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Friday, 9 January 2009

Textures





I have been experimenting with the texture of paint recently. Simple things like alternating the direction of brush strokes or changing the grip on the brush can impart a different quality to the surface. Unfortunately, such subtlety does not photograph well (at all!). In this painting that I finished this week the whole foreground was repainted in a couple of minutes after it had become too fussy. Foreground textures were indicated by allowing a loosely gripped, loaded brush to skip over the surface.

9 Comments:

Blogger Maggie Latham said...

Keith,
This is a very interesting painting. I like what you have done in the foreground with your looser style. Scumbling (or dry brush as I call it in watercolour) often gives just the right ‘zing’ to a painting creating areas of broken colour and interest…left to the imagination.
Maggie

16 January 2009 at 14:31  
Blogger Marc R. Hanson said...

Gorgeous painting Keith!!!

Isn't painting fun??? Or it can be. I like your experimental way of doing things too. I'm an incurable 'experimenter' with priming, linen weaves, boards, shellac, lead, and all. It keeps the excitement in the process alive IMHO. I don't think that I'll ever find the magic bullet that I'm after in this regard, but it keeps things interesting.

In fact, if you know or can find out what it is that Matthew Alexander mixes into his primer (acrylic primer?), I'd love to know. I went back and forth with him in emails a few years back about it but I could never be sure of what he meant and decided to quit bothering him.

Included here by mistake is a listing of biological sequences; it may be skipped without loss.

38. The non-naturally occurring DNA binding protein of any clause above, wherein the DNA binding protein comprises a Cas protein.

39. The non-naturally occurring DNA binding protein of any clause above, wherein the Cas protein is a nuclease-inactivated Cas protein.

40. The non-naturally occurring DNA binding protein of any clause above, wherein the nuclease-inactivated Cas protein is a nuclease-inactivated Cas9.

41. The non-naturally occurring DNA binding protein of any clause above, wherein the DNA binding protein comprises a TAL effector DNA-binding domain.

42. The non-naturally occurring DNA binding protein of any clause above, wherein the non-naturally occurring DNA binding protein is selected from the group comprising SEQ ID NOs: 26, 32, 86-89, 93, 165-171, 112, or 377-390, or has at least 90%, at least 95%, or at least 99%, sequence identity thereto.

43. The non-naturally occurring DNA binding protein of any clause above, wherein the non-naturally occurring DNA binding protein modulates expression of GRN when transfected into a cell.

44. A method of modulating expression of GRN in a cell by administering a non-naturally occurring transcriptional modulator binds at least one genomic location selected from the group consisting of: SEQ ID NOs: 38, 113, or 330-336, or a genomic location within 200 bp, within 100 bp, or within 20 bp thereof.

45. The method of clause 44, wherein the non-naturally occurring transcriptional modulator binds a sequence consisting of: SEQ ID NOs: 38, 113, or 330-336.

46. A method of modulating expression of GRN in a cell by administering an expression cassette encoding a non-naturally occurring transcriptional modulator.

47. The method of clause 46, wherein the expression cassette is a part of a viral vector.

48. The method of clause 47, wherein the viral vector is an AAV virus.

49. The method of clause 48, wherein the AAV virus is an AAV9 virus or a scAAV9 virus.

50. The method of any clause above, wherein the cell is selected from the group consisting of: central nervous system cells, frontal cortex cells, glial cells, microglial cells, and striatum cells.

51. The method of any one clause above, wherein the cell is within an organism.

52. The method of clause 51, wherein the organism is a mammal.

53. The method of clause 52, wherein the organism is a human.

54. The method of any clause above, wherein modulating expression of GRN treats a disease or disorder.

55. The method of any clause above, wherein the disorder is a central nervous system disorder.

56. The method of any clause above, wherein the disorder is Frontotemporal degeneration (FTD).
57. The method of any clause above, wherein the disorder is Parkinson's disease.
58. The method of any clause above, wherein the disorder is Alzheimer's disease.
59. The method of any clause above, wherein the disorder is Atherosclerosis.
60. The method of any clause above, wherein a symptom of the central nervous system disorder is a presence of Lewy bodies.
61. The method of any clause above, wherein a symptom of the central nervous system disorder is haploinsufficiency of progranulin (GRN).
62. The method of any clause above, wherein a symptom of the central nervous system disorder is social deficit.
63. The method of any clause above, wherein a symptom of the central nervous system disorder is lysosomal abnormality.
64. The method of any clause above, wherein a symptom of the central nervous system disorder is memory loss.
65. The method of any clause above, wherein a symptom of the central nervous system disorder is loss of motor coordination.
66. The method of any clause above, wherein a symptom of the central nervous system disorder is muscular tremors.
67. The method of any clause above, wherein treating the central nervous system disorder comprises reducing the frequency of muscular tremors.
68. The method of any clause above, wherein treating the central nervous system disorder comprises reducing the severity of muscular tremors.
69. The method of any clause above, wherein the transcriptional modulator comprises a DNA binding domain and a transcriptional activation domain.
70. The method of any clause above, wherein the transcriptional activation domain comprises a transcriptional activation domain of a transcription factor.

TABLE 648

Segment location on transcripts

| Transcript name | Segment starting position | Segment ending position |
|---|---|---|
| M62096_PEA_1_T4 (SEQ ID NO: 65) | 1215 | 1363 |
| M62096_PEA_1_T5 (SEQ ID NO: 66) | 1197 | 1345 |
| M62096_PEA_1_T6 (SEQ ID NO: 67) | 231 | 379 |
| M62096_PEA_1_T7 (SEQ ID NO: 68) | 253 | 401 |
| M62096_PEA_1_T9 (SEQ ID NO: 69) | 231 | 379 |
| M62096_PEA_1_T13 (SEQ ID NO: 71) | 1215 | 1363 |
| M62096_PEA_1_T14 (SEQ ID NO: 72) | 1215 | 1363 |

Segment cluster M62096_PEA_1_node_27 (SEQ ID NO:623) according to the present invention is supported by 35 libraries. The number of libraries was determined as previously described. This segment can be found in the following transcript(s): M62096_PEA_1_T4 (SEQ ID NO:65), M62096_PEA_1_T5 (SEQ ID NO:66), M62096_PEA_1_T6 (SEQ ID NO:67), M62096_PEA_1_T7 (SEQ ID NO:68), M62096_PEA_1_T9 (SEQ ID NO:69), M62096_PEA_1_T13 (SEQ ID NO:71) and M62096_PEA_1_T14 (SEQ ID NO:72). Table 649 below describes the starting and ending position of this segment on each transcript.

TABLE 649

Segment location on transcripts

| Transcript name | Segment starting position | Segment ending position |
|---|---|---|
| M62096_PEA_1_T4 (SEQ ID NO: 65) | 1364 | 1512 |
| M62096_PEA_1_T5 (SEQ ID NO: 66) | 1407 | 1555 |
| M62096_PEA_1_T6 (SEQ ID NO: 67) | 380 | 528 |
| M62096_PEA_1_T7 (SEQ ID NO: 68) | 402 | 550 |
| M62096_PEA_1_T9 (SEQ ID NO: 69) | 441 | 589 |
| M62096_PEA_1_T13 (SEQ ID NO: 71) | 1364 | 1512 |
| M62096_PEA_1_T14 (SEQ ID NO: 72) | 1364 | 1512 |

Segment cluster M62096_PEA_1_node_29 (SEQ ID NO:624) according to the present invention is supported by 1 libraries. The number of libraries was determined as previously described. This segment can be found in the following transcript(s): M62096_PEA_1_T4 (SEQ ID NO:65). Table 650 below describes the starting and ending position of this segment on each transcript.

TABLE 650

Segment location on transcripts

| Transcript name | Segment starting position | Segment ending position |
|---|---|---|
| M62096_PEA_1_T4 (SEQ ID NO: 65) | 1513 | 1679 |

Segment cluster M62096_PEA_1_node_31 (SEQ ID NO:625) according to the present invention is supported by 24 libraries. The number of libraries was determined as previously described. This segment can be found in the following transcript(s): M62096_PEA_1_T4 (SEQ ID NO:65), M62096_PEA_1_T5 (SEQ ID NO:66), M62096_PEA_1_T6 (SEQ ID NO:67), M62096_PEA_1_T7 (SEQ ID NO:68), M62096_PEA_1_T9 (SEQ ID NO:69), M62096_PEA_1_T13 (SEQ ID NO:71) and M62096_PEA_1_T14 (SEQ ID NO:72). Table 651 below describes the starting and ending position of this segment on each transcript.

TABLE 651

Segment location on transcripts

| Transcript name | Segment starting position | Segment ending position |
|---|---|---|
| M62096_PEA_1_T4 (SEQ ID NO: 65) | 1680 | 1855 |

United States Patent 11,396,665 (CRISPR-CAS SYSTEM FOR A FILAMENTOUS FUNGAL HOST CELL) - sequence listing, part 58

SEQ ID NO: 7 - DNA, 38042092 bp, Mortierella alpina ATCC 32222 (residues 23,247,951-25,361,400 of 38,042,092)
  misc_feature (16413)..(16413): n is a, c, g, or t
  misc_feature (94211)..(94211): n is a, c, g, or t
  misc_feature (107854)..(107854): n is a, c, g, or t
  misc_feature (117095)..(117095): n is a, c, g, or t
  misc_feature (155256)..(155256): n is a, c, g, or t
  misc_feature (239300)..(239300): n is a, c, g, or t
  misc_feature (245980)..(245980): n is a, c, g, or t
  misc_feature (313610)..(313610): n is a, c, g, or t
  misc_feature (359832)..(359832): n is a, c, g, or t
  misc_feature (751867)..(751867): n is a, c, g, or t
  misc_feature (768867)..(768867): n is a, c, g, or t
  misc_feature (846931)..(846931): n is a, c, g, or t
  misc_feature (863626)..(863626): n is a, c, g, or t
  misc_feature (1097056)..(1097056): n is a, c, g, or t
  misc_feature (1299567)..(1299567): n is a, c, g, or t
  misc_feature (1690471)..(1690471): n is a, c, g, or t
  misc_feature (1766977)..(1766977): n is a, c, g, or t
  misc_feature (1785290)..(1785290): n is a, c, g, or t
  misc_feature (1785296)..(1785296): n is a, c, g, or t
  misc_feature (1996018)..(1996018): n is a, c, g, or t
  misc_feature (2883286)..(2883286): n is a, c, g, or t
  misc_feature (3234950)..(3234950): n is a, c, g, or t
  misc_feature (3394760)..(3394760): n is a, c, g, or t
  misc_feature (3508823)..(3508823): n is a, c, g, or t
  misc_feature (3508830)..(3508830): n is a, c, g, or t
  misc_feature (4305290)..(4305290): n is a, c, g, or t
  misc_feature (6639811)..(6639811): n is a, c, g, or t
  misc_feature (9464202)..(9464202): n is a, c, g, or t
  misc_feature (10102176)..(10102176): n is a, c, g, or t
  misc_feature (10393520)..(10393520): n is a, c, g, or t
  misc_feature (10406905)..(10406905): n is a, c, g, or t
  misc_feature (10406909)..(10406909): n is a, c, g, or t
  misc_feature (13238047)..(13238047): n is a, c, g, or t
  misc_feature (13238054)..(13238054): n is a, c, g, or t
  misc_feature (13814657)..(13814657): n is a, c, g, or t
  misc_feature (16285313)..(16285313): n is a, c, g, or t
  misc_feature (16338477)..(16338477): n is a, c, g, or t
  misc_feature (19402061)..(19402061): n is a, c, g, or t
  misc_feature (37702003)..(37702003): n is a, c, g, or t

He told me that he mixed in 'French Chalk', which is also called Talc. However, his description of it doesn't match what I found over here. Talc is very, very slippery, as we know from our baby's butts or our own experience as a toddler. I wonder if it's semantics?

Anyway, I love this piece... Nice, nice work.

16 January 2009 at 15:37  
Blogger Bill Guffey said...

Keith, this is one of my favorites of yours! Very nice painting. Love the details when viewed at larger size.

16 January 2009 at 19:10  
Blogger Keith said...

Maggie, Marc and Bill, Thanks all for the generous comments.

Marc, I'm not sure about the use of talc - I sometimes add texure paste to acrylic primer which I beleive is based on mable dust.

17 January 2009 at 13:55  
Blogger Simon Jones said...

Looks great, very airy and spscious, talking of texture, do you use a textured ground, the sky seems to have some background texture. I paint at quite small scale so when its scanned at high res it looks like Rolf Harris has painted it, yes that is a good thing.

21 January 2009 at 11:55  
Blogger Keith said...

Hi Simon, thanks for the comments. Yes, I have used texture paste mixed into the second coat of acrylic primer (about 50/50). This was applied randomly with a bristle brush. The resulting texture takes paint off the brush in a similar way to the weave of a coarse canvas (although the visual effect is very different).

21 January 2009 at 12:13  
Blogger Marilyn M. King said...

This appears to be painted by a master. Is it really yours? lol

All those rich grays get me every time, Keith.
It's really beautiful. Can't wait to see the next one finished (the painting begun in the next post ).

7 February 2009 at 05:33  
Blogger Jenniferartist said...

Hi Keith,
How are you? This painting is stop dead Gorgeous. Yes it does have the look of an old painting by a master! Now do some more..! I have been away for awhile but I am back. Glad to see you are going at it big time. The painting with the hedge row was interesting. Watch the middle zone. Can't wait to see the series. Are you sure about the year of the rabbit? I am Pisces too. A Rooster though..!

15 February 2009 at 03:58  
Blogger Keith said...

Thanks all for the lovely comments - much appreciated.

18 February 2009 at 08:44  

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